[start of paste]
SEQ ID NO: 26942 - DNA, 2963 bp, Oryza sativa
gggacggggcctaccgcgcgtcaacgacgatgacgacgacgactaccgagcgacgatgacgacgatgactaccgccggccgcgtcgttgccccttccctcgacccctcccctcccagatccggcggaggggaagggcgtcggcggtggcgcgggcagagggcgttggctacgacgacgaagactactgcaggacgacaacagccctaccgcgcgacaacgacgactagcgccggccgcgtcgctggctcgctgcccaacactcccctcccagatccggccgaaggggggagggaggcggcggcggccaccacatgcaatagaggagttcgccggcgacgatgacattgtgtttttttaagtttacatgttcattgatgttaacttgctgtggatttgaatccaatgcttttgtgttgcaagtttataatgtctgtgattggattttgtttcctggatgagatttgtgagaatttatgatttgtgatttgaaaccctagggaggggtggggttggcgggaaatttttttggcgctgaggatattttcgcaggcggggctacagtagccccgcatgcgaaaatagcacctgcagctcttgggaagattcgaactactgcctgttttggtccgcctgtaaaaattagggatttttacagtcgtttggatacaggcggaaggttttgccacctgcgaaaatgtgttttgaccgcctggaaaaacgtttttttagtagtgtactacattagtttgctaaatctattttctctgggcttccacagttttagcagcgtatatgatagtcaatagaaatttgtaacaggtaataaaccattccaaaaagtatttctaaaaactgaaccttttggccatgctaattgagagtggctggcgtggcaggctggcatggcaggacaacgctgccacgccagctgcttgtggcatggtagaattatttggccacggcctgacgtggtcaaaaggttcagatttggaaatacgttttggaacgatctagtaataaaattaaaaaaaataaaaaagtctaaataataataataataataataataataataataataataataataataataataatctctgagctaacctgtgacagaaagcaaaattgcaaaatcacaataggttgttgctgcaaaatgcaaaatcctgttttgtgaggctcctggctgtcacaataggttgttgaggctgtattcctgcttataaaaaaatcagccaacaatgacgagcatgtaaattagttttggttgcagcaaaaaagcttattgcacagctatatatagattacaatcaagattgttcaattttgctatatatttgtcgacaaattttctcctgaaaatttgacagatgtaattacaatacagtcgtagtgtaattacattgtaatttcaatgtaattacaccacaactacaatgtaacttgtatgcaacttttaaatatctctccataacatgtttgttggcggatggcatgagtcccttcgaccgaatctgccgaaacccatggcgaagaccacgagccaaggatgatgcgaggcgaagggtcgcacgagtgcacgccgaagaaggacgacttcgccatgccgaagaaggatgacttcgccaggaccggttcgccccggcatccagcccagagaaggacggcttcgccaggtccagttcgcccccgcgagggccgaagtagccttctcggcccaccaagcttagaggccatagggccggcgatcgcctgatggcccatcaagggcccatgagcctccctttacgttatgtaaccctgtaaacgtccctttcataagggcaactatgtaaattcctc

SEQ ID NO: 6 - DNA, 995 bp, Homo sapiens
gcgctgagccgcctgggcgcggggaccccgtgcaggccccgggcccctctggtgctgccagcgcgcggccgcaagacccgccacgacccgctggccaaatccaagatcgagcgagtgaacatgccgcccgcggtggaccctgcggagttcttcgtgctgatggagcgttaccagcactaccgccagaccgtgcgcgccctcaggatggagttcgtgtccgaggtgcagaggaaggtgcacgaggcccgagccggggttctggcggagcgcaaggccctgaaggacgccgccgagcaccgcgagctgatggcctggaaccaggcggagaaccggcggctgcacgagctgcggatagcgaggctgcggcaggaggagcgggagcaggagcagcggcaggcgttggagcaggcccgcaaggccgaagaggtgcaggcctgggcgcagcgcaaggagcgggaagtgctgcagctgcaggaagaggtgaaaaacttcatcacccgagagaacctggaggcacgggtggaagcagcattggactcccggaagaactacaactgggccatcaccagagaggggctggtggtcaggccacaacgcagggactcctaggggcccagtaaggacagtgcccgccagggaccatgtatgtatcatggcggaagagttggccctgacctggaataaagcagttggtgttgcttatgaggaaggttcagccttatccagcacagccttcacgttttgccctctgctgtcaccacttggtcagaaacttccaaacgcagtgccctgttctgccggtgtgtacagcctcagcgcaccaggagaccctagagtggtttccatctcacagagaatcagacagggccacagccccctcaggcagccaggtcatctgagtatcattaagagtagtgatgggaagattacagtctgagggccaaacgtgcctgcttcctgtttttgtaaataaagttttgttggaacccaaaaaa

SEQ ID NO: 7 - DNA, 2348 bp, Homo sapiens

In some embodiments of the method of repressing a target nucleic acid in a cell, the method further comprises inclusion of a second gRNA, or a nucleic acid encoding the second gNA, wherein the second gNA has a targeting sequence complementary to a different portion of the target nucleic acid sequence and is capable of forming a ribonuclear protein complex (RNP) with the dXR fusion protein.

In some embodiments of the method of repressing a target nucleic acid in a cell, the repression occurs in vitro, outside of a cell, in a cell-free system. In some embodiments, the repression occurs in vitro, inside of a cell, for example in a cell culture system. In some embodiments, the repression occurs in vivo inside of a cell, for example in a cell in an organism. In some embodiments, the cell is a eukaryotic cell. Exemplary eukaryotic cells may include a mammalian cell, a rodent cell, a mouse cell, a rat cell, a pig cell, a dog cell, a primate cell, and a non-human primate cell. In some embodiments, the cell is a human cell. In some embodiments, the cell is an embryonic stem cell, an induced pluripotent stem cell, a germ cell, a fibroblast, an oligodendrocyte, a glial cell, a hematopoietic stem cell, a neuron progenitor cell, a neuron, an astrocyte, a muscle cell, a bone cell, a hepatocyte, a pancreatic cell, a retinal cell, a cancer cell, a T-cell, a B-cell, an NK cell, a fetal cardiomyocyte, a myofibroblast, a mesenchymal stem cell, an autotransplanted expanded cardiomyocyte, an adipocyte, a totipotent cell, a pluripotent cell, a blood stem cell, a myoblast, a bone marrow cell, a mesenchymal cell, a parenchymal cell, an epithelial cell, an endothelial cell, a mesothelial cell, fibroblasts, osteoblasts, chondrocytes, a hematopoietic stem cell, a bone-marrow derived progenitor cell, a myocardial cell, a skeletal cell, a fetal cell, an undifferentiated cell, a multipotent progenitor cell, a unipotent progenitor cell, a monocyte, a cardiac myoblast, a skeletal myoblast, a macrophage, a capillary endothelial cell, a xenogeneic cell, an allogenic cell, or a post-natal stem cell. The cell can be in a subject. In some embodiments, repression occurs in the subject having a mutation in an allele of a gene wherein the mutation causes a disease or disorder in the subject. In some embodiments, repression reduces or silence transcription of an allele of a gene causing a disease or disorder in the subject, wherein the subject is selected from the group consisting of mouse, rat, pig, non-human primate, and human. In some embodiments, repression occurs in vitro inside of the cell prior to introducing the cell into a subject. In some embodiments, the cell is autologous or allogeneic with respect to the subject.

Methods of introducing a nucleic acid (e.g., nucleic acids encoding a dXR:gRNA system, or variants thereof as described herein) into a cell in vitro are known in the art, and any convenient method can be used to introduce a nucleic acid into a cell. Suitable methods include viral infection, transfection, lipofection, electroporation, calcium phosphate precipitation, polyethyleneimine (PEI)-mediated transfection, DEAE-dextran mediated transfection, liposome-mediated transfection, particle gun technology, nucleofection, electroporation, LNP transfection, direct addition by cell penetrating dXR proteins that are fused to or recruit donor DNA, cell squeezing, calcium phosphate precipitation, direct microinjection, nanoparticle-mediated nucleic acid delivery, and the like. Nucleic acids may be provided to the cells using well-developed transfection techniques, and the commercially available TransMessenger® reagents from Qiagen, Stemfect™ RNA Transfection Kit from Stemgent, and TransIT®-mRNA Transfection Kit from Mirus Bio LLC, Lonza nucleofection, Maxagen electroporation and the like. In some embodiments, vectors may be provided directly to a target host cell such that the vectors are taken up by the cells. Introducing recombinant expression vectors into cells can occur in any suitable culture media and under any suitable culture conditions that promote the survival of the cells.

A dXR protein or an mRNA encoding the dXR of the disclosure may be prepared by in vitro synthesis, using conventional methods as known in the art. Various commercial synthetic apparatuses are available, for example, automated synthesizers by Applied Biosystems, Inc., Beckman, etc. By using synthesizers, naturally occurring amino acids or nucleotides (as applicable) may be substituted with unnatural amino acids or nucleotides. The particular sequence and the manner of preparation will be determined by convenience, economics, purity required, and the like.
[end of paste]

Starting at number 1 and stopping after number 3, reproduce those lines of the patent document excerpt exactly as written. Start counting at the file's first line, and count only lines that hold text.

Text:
SEQ ID NO: 26942 - DNA, 2963 bp, Oryza sativa
gggacggggcctaccgcgcgtcaacgacgatgacgacgacgactaccgagcgacgatgacgacgatgactaccgccggccgcgtcgttgccccttccctcgacccctcccctcccagatccggcggaggggaagggcgtcggcggtggcgcgggcagagggcgttggctacgacgacgaagactactgcaggacgacaacagccctaccgcgcgacaacgacgactagcgccggccgcgtcgctggctcgctgcccaacactcccctcccagatccggccgaaggggggagggaggcggcggcggccaccacatgcaatagaggagttcgccggcgacgatgacattgtgtttttttaagtttacatgttcattgatgttaacttgctgtggatttgaatccaatgcttttgtgttgcaagtttataatgtctgtgattggattttgtttcctggatgagatttgtgagaatttatgatttgtgatttgaaaccctagggaggggtggggttggcgggaaatttttttggcgctgaggatattttcgcaggcggggctacagtagccccgcatgcgaaaatagcacctgcagctcttgggaagattcgaactactgcctgttttggtccgcctgtaaaaattagggatttttacagtcgtttggatacaggcggaaggttttgccacctgcgaaaatgtgttttgaccgcctggaaaaacgtttttttagtagtgtactacattagtttgctaaatctattttctctgggcttccacagttttagcagcgtatatgatagtcaatagaaatttgtaacaggtaataaaccattccaaaaagtatttctaaaaactgaaccttttggccatgctaattgagagtggctggcgtggcaggctggcatggcaggacaacgctgccacgccagctgcttgtggcatggtagaattatttggccacggcctgacgtggtcaaaaggttcagatttggaaatacgttttggaacgatctagtaataaaattaaaaaaaataaaaaagtctaaataataataataataataataataataataataataataataataataataataatctctgagctaacctgtgacagaaagcaaaattgcaaaatcacaataggttgttgctgcaaaatgcaaaatcctgttttgtgaggctcctggctgtcacaataggttgttgaggctgtattcctgcttataaaaaaatcagccaacaatgacgagcatgtaaattagttttggttgcagcaaaaaagcttattgcacagctatatatagattacaatcaagattgttcaattttgctatatatttgtcgacaaattttctcctgaaaatttgacagatgtaattacaatacagtcgtagtgtaattacattgtaatttcaatgtaattacaccacaactacaatgtaacttgtatgcaacttttaaatatctctccataacatgtttgttggcggatggcatgagtcccttcgaccgaatctgccgaaacccatggcgaagaccacgagccaaggatgatgcgaggcgaagggtcgcacgagtgcacgccgaagaaggacgacttcgccatgccgaagaaggatgacttcgccaggaccggttcgccccggcatccagcccagagaaggacggcttcgccaggtccagttcgcccccgcgagggccgaagtagccttctcggcccaccaagcttagaggccatagggccggcgatcgcctgatggcccatcaagggcccatgagcctccctttacgttatgtaaccctgtaaacgtccctttcataagggcaactatgtaaattcctc

SEQ ID NO: 6 - DNA, 995 bp, Homo sapiens